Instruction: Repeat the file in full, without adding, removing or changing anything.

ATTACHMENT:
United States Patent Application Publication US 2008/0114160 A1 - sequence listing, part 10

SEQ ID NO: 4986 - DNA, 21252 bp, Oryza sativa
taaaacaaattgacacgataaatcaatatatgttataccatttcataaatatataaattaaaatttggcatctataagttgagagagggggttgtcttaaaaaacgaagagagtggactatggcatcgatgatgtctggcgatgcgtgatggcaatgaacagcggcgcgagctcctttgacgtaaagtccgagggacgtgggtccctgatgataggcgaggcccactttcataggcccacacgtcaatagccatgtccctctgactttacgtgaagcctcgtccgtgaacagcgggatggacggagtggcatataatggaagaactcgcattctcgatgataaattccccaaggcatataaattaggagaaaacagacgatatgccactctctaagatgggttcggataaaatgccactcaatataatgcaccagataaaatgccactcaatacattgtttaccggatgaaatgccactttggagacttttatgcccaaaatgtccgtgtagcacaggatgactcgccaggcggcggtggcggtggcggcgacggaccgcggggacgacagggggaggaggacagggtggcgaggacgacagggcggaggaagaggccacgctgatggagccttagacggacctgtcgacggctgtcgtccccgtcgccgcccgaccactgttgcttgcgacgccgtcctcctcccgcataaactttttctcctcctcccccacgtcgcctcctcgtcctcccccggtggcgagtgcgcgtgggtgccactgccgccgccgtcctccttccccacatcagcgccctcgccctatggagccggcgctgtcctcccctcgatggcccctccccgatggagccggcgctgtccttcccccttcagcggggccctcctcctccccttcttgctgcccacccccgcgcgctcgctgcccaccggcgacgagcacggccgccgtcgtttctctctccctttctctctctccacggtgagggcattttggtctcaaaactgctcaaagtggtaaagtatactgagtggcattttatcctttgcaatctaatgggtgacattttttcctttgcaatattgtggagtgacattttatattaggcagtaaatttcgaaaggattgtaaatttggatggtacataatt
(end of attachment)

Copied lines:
United States Patent Application Publication US 2008/0114160 A1 - sequence listing, part 10

SEQ ID NO: 4986 - DNA, 21252 bp, Oryza sativa
taaaacaaattgacacgataaatcaatatatgttataccatttcataaatatataaattaaaatttggcatctataagttgagagagggggttgtcttaaaaaacgaagagagtggactatggcatcgatgatgtctggcgatgcgtgatggcaatgaacagcggcgcgagctcctttgacgtaaagtccgagggacgtgggtccctgatgataggcgaggcccactttcataggcccacacgtcaatagccatgtccctctgactttacgtgaagcctcgtccgtgaacagcgggatggacggagtggcatataatggaagaactcgcattctcgatgataaattccccaaggcatataaattaggagaaaacagacgatatgccactctctaagatgggttcggataaaatgccactcaatataatgcaccagataaaatgccactcaatacattgtttaccggatgaaatgccactttggagacttttatgcccaaaatgtccgtgtagcacaggatgactcgccaggcggcggtggcggtggcggcgacggaccgcggggacgacagggggaggaggacagggtggcgaggacgacagggcggaggaagaggccacgctgatggagccttagacggacctgtcgacggctgtcgtccccgtcgccgcccgaccactgttgcttgcgacgccgtcctcctcccgcataaactttttctcctcctcccccacgtcgcctcctcgtcctcccccggtggcgagtgcgcgtgggtgccactgccgccgccgtcctccttccccacatcagcgccctcgccctatggagccggcgctgtcctcccctcgatggcccctccccgatggagccggcgctgtccttcccccttcagcggggccctcctcctccccttcttgctgcccacccccgcgcgctcgctgcccaccggcgacgagcacggccgccgtcgtttctctctccctttctctctctccacggtgagggcattttggtctcaaaactgctcaaagtggtaaagtatactgagtggcattttatcctttgcaatctaatgggtgacattttttcctttgcaatattgtggagtgacattttatattaggcagtaaatttcgaaaggattgtaaatttggatggtacataatt